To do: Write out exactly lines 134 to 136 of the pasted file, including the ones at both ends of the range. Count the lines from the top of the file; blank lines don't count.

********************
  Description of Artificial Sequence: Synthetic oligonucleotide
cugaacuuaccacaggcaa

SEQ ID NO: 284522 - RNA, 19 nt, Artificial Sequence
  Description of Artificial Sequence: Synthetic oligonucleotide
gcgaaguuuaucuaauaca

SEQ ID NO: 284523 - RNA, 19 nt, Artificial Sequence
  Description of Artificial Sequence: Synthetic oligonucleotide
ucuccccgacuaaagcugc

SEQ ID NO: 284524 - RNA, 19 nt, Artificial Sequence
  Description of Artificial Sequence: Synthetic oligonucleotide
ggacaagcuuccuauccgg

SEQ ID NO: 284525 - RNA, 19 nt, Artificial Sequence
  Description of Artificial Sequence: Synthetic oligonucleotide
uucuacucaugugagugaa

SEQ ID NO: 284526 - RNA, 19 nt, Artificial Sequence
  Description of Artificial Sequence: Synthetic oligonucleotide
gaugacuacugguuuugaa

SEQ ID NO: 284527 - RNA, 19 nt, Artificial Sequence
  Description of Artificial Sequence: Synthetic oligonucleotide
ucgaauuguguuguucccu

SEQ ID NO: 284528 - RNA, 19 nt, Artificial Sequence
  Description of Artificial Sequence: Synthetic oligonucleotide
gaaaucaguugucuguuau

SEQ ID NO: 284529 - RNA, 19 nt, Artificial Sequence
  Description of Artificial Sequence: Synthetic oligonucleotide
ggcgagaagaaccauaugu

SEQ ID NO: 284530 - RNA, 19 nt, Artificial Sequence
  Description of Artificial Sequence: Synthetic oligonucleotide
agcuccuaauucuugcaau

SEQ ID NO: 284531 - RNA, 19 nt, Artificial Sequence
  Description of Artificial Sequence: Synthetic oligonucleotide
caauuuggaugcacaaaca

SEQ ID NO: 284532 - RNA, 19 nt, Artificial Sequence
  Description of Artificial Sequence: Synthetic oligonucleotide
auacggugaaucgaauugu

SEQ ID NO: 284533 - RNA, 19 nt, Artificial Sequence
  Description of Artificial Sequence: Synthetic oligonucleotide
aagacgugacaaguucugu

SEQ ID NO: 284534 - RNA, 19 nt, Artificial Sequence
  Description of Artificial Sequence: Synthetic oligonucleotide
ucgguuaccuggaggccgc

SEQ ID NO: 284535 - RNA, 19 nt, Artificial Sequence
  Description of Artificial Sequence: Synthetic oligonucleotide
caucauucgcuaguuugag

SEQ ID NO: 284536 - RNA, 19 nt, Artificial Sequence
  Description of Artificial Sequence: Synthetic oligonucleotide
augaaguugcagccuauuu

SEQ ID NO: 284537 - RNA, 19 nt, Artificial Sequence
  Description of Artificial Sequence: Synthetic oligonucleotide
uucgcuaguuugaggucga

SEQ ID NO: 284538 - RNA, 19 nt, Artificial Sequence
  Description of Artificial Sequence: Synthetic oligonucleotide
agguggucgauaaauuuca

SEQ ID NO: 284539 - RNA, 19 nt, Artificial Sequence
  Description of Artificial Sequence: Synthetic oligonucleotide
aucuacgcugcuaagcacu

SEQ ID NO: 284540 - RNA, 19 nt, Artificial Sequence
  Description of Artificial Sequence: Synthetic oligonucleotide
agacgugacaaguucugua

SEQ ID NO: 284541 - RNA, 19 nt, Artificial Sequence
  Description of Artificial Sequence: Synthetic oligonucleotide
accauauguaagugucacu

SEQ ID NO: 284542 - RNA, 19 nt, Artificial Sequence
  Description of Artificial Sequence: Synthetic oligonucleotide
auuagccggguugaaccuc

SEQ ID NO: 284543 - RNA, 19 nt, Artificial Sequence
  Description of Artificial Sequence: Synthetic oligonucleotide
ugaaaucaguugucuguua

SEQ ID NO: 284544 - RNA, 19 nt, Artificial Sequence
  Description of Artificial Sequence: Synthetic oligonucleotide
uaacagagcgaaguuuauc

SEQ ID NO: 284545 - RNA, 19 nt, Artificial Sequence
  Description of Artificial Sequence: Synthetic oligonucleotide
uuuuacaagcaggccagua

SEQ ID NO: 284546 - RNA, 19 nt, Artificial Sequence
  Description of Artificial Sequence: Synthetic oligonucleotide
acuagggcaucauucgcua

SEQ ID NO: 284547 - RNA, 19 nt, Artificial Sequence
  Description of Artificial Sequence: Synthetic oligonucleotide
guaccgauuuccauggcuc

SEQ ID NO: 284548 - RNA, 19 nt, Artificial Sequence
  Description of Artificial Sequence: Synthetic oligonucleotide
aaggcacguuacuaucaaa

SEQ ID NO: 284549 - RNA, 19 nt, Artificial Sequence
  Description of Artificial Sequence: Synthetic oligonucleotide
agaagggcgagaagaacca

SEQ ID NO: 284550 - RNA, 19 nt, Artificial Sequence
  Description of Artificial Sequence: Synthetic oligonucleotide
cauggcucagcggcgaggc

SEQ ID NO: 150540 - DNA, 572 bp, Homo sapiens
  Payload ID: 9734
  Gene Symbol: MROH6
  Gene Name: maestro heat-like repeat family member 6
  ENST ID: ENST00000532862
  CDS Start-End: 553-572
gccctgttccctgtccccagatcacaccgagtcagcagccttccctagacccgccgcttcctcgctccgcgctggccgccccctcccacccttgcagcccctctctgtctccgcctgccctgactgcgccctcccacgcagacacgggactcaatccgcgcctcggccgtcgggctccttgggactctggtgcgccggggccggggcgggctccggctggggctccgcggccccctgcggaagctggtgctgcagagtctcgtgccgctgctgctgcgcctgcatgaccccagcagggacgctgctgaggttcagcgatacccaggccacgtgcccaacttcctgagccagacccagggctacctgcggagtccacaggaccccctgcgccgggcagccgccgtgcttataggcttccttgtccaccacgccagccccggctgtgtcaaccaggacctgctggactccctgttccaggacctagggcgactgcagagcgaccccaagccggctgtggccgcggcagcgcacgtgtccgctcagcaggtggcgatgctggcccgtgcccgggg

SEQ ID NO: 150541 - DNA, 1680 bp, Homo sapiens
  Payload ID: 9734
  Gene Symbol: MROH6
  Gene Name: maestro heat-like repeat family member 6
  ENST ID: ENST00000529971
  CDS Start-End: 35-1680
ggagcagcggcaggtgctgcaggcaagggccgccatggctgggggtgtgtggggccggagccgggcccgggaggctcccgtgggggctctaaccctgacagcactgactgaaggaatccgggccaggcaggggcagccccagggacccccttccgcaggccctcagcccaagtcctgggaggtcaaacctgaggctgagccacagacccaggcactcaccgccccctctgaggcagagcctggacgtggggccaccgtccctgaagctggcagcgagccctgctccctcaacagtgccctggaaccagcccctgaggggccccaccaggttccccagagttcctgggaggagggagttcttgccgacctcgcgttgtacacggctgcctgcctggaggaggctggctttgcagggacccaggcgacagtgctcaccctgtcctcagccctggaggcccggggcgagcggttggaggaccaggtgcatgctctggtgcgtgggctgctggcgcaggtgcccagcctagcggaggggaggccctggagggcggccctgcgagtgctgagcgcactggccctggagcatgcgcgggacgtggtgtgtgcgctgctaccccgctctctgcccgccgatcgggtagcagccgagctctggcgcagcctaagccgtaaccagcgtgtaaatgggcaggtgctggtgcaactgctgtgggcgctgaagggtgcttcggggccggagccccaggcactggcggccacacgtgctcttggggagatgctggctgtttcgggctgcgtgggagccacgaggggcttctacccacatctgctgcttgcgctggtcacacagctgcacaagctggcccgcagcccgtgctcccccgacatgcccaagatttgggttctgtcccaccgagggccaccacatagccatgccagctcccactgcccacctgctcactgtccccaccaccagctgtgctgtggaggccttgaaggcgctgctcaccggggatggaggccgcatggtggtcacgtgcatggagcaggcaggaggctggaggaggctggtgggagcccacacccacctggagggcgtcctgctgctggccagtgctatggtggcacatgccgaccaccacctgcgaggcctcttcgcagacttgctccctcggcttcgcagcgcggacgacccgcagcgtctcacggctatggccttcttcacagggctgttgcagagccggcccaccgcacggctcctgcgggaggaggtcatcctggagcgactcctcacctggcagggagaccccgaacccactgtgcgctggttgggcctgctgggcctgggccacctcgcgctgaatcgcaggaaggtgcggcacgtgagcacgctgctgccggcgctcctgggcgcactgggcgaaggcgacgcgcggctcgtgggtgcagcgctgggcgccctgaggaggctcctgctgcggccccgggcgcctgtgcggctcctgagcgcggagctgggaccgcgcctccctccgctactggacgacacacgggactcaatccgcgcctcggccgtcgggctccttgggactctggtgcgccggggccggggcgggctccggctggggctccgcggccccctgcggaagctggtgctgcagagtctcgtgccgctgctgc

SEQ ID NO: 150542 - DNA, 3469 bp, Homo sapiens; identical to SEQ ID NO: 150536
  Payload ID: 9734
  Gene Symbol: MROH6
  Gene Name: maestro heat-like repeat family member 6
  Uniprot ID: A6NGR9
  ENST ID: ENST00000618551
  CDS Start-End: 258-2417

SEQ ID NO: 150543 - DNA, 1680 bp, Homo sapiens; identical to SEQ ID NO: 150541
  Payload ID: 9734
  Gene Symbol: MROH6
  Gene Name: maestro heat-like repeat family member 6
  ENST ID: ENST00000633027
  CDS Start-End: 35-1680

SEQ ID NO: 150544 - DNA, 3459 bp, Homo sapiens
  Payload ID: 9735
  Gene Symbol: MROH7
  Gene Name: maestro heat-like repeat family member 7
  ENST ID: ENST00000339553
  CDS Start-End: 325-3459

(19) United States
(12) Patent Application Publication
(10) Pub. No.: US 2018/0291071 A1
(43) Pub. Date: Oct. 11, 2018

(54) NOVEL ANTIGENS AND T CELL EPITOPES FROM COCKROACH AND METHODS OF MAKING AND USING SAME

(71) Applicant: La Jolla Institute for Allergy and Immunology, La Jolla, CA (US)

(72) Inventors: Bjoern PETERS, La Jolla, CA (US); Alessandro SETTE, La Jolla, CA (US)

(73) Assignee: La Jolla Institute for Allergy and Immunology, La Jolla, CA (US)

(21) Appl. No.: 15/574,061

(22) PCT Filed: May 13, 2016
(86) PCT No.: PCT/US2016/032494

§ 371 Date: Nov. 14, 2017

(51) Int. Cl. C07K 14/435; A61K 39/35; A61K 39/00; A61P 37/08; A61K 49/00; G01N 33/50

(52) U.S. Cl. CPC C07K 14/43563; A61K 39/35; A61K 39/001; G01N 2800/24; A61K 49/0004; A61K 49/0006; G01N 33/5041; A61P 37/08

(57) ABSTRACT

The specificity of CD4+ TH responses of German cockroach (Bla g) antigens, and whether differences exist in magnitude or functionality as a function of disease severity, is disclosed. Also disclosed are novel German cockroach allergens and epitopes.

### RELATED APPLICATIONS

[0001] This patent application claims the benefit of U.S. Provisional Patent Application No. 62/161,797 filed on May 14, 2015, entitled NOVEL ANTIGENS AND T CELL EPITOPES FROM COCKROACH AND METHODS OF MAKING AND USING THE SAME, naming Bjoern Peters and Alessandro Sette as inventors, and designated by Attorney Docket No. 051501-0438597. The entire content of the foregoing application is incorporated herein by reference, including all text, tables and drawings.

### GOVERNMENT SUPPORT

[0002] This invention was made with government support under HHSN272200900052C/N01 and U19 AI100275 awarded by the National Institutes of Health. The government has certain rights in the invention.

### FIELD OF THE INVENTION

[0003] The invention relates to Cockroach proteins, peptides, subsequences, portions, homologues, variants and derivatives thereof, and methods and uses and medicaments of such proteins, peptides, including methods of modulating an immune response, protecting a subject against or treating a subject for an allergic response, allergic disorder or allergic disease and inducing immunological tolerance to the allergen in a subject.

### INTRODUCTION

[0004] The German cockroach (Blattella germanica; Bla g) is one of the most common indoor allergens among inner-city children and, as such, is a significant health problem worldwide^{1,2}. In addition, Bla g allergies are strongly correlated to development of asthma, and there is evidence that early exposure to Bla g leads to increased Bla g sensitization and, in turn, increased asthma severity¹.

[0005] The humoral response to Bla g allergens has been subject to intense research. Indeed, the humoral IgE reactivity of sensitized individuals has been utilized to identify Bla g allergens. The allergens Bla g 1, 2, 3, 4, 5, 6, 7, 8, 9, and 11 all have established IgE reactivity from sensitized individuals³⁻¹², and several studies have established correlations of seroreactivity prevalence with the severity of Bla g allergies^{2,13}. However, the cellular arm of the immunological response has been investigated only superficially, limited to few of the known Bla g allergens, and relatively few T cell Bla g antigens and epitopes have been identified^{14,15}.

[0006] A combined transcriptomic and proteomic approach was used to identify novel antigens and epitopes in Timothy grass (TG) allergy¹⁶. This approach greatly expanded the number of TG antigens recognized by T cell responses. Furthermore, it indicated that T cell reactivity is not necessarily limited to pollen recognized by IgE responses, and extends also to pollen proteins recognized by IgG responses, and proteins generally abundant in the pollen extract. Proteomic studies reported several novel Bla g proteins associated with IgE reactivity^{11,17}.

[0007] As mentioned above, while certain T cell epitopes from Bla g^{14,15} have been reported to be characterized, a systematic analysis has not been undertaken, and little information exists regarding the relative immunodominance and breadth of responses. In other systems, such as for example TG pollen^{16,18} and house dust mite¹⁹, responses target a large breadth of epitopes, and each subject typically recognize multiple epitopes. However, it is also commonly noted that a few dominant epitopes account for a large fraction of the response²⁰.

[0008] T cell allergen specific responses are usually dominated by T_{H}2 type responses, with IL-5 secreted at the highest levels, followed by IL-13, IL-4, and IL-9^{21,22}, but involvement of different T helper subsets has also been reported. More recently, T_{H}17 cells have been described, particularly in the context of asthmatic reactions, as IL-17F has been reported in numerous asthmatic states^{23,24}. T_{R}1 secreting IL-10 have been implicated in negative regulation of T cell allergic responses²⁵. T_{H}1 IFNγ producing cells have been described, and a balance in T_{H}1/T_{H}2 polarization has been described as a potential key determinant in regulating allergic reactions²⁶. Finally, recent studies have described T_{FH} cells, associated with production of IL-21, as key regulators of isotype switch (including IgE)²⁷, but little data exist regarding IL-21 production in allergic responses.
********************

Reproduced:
§ 371 Date: Nov. 14, 2017

(51) Int. Cl. C07K 14/435; A61K 39/35; A61K 39/00; A61P 37/08; A61K 49/00; G01N 33/50

(52) U.S. Cl. CPC C07K 14/43563; A61K 39/35; A61K 39/001; G01N 2800/24; A61K 49/0004; A61K 49/0006; G01N 33/5041; A61P 37/08